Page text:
So, the bad news is that the sampler almost certainly was not sewn by the author Jane Austen. Still, it did come from her time period. And unraveling the mystery has been a story in itself!

 

 

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Inquiring Readers,

After experiencing years of an Austen drought on the large and small screen, we are treated to two adaptations within a half year–Sanditon and the newly released Emma.

Emma film poster on a London bus. Photo courtesy of Tony Grant

Emma film poster on a London bus. Photo courtesy of Tony Grant

Emma, the film will air in theaters in my region on March 6th. Sadly, I won’t see the film until late next week, but my British friend Tony Grant has reviewed it. He writes in part:

My thoughts were, will Autumn de Wilde’s Emma get Austen’s subtleties concerning the different relationships right? Will the actors be any good? All is lost if they can’t cut the mustard. What might we get out of this Emma that speaks to us in 2020? Will the film tell Jane Austen’s story well?

The film begins, focusing in from an expansive bucolic scene of green pastures and wooded areas to an iconic 18thcentury mansion, Hartfield. We hone down to a gothic styled greenhouse and enter to a scene of peace and calm and meditative background music as Emma, played by Anya Taylor Joy, slowly, carefully moves, almost like floating in a dream, examining her blooming red roses while servant girls hover, secateurs poised ready to snip the stem of any flower Emma thinks fit. Anya Taylor’s eyes look and roam and pierce us to our souls. Oh! those eyes. She pauses, she considers, she moves on and decides, “That one.” And the flower is cut. This opening scene is very clever and says in this silent dreamlike ballet of a scene all that Austen says in the opening words of her novel.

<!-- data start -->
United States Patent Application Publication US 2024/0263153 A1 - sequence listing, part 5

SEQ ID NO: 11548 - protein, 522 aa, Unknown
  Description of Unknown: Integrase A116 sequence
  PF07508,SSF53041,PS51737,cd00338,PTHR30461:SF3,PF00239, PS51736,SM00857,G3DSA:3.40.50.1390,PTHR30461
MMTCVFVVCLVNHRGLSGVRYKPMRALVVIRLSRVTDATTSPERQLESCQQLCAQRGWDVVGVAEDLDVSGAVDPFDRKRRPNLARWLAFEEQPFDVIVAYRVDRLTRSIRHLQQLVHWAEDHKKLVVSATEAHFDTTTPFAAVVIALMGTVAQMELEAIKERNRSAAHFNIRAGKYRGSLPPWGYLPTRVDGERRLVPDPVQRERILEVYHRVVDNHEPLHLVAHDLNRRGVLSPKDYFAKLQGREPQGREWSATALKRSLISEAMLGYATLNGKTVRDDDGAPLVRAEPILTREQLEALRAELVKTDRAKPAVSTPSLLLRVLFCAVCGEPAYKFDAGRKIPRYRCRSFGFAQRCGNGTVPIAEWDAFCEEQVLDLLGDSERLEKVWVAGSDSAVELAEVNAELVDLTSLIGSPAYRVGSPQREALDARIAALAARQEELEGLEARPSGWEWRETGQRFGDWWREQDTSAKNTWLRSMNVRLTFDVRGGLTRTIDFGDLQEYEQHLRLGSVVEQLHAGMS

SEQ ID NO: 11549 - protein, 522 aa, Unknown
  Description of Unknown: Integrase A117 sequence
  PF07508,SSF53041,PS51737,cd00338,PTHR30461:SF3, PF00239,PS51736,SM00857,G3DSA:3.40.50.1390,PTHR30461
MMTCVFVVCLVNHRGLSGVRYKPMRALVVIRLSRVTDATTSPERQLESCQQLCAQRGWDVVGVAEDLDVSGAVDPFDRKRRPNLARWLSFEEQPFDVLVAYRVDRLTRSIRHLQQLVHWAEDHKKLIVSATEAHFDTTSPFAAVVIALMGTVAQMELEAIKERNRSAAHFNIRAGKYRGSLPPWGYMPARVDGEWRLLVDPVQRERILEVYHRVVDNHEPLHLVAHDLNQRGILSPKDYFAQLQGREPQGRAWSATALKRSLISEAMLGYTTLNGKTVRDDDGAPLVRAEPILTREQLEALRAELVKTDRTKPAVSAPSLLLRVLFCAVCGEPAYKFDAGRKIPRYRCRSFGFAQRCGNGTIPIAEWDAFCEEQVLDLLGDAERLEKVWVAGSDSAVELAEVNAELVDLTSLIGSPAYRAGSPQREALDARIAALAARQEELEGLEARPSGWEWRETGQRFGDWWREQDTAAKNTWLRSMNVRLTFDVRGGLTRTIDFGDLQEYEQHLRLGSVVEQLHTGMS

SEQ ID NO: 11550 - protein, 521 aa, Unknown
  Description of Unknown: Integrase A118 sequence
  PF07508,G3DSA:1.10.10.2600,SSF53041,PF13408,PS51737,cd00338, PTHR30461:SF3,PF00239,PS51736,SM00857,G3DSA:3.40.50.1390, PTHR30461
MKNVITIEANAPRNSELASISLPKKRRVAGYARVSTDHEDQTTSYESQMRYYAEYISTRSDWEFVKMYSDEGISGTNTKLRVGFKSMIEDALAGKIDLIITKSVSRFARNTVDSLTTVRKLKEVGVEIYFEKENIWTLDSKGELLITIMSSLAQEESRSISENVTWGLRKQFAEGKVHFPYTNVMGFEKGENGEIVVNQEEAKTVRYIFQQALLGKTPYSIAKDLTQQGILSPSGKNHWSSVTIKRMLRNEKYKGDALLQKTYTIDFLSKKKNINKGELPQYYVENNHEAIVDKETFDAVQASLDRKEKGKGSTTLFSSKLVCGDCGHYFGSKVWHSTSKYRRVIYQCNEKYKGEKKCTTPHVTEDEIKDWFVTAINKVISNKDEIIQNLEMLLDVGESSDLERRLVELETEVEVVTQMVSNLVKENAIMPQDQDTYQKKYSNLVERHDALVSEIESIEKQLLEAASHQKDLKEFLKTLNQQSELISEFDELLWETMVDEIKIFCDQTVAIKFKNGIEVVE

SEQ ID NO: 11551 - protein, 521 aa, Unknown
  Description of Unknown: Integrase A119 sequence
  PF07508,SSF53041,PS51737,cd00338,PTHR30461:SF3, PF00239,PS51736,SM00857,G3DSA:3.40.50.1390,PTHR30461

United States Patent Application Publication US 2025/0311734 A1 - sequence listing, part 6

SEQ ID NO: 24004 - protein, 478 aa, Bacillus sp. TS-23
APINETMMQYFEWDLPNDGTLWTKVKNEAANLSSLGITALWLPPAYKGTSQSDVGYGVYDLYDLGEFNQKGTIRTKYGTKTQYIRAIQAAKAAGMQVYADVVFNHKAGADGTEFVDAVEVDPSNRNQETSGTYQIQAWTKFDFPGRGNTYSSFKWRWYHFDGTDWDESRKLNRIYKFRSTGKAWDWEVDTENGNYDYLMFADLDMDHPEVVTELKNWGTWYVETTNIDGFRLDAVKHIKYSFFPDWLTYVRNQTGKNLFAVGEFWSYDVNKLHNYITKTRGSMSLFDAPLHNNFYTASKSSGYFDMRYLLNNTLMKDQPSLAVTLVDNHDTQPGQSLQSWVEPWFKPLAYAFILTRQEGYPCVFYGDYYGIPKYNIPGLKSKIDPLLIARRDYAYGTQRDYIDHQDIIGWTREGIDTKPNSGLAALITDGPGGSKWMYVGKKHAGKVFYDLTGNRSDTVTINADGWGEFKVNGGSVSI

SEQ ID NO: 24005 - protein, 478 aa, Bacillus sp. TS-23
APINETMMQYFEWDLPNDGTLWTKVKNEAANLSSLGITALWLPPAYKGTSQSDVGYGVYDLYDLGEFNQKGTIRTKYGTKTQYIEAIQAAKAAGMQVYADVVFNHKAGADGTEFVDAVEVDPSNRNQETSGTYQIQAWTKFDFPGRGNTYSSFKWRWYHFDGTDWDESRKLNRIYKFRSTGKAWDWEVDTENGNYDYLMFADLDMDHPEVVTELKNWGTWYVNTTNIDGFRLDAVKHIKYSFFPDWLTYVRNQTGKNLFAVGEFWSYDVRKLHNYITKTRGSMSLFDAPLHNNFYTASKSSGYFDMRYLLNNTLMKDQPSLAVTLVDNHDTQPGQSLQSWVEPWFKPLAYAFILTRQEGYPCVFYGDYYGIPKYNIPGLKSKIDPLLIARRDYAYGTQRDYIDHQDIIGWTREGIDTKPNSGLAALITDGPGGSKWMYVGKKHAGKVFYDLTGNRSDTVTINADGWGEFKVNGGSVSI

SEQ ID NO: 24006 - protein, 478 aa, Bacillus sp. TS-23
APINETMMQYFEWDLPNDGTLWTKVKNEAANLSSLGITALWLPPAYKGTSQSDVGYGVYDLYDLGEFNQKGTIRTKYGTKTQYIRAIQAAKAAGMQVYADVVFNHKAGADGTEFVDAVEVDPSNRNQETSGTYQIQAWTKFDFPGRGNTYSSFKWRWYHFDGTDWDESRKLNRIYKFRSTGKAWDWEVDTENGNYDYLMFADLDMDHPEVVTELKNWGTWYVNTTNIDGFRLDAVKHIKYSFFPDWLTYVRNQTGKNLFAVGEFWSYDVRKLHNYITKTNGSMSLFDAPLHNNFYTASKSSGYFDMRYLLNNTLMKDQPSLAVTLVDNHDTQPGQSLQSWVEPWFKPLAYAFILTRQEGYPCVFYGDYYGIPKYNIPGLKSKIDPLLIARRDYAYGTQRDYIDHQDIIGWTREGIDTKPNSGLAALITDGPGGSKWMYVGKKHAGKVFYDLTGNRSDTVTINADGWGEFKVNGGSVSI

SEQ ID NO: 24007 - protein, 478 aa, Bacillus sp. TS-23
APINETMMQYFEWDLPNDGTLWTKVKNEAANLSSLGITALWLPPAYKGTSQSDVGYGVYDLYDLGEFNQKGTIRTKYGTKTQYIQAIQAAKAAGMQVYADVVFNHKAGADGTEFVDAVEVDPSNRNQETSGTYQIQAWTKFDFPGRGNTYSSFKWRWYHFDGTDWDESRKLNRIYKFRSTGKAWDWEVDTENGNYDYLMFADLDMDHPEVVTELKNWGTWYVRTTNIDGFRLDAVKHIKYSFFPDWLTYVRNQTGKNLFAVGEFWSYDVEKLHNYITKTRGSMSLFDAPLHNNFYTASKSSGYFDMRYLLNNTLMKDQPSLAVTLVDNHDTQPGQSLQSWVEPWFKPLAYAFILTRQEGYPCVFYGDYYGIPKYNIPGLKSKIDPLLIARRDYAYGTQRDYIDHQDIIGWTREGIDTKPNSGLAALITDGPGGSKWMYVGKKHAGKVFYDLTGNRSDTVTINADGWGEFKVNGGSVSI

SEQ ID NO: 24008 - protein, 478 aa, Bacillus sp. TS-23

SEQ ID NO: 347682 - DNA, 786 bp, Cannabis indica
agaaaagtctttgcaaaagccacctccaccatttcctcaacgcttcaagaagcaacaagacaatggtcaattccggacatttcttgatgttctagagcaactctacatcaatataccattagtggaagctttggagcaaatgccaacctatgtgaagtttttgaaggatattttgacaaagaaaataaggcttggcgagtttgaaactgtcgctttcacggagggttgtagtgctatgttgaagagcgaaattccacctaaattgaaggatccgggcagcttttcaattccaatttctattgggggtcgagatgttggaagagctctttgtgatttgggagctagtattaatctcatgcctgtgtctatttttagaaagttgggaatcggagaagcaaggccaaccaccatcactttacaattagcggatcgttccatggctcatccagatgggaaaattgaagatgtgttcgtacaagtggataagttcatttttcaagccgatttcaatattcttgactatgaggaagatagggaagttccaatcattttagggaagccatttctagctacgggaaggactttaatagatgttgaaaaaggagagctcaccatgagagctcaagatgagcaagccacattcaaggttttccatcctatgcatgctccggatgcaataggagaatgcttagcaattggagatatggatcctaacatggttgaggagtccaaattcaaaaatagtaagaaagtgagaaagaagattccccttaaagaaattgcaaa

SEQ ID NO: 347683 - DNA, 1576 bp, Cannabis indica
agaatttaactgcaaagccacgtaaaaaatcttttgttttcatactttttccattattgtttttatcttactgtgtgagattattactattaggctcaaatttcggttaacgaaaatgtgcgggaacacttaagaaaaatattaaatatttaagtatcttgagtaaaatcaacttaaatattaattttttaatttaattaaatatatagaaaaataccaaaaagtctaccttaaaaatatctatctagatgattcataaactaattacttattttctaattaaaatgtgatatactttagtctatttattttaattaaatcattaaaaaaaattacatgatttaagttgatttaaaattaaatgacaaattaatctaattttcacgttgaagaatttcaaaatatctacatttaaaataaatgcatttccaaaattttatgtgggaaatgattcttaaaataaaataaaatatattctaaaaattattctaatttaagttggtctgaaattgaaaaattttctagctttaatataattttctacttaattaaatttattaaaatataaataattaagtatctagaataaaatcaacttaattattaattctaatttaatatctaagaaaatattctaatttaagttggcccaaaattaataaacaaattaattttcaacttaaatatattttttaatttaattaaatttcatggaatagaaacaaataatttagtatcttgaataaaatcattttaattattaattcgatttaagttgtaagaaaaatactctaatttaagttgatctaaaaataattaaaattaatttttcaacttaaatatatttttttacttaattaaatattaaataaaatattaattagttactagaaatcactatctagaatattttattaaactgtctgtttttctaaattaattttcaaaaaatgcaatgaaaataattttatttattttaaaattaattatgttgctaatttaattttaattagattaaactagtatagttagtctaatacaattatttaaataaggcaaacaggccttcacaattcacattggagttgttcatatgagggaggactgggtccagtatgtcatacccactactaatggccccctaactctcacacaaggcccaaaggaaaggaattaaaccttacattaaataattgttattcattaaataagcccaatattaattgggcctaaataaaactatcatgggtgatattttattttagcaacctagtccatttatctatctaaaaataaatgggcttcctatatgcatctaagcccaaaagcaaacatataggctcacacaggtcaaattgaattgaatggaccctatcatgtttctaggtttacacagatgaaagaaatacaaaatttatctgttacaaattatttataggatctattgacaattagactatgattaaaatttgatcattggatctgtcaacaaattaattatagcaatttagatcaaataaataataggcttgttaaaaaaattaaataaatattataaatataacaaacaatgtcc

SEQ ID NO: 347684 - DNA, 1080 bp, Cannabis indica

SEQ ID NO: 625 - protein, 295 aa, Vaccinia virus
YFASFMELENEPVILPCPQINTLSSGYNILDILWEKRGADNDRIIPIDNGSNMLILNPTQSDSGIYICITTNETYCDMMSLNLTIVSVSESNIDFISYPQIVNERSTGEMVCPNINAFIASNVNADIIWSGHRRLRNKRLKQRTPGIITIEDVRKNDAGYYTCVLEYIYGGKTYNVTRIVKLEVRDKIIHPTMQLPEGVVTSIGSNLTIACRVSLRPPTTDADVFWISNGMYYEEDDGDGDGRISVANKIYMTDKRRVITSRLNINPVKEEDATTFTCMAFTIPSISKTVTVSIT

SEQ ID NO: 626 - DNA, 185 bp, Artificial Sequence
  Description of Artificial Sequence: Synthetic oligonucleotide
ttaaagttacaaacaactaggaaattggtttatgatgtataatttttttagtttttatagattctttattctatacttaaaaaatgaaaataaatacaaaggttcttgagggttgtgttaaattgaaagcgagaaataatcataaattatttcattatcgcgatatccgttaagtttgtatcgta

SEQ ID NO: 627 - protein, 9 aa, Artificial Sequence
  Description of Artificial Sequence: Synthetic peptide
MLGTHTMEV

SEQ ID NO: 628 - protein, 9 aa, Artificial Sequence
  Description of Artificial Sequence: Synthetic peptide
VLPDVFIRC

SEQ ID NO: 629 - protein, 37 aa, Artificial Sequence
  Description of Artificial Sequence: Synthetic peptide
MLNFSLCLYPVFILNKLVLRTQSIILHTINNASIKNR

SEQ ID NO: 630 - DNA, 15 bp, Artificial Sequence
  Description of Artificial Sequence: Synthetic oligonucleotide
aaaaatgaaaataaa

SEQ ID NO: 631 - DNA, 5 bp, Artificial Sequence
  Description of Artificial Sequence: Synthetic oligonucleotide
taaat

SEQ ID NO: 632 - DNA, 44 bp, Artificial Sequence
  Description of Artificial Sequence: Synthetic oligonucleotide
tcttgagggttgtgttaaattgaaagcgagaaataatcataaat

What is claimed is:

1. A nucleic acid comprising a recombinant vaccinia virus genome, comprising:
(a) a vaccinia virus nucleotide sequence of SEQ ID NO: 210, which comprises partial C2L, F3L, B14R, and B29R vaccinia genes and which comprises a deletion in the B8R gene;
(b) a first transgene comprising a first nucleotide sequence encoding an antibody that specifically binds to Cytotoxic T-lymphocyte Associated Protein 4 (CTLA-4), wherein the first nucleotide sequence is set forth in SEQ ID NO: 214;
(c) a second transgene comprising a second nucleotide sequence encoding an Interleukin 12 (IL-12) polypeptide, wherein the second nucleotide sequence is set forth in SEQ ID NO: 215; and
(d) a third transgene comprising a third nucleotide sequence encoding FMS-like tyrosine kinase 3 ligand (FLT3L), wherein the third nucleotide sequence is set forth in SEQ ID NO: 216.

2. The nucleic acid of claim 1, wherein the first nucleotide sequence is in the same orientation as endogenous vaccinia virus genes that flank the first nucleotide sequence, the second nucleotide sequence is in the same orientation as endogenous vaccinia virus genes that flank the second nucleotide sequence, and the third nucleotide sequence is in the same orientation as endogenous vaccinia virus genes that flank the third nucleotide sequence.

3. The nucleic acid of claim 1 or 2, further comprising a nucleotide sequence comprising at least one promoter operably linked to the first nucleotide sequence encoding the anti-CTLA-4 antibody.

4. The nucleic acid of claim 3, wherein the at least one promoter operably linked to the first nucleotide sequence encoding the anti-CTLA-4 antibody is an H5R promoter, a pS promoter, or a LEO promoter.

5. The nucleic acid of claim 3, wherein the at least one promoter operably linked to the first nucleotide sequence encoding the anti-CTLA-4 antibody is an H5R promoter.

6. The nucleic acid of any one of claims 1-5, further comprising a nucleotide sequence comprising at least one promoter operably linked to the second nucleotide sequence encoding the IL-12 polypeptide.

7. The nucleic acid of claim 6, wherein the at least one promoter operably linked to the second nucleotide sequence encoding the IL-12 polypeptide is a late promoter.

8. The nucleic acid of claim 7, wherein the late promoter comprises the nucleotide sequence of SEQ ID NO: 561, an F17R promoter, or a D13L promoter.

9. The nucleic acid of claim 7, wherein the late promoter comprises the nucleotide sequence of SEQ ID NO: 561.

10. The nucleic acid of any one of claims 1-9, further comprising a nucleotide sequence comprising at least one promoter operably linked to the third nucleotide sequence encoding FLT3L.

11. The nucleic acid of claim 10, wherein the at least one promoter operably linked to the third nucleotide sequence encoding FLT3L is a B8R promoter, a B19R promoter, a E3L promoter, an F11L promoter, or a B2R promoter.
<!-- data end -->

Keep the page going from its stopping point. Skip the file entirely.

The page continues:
Emma Woodhouse, handsome, clever and rich, with a comfortable home and happy disposition, seemed to unite some of the best blessings of existence; and had lived nearly twenty one years in the world with very little to distress or vex her.” 

The film is lit  brightly and the colours, not just of the costumes, but of the scenery too has a pale pastel sheen, which can only be achieved through the cinematography.–-To read the rest of Tony Grant’s review, click this link to London Calling, his blog.

In anticipation of seeing the film, I’ve been reading Robert Rodi’s take on Emma in Bitch in a Bonnet: Reclaiming Jane Austen from the stiffs, the snobs, the simps and the saps. (Yes, he’s that sarcastic, but witty, wise, and fun.) I particularly liked this passage, which shows Emma’s animus towards Augusta Elton shortly after she paid Mr. Elton and his new missus a visit:

Eventually Mrs. Elton return the visit, and Emma has plenty of time for her options to coalesce. And she really, really, really does not like this chick. Not. One. Little. Bit.

Rodi then goes on to quote this Austen passage:

“The quarter of an hour quite convinced her that Mrs. Elton was a vain woman, extremely well satisfied with herself, and thinking much of her own importance; that she want to shine and be very superior…”

Rodi does not stop there, but I paused at these words for a long moment. The qualities Emma dislikes about Mrs. Elton are the same qualities she possesses. Augusta, of course is different from Emma. She’s coarse, grasping, and aggressively power hungry, whereas Emma is the well-bred young lady described in the movie’s publicity: a well meaning but selfish young woman [who] meddles in the love lives of her friends.

The comic characters in Emma are among Austen’s finest, and I look forward in revisiting them in this film, especially in the forms of Miranda Hart as Miss Bates and Bill Nighy as Mr. Woodhouse.

 

 

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Although I won’t see the film for some time, please feel free to leave your opinions if you have them.

Meanwhile, enjoy Tony Grant’s review at the top of this blog!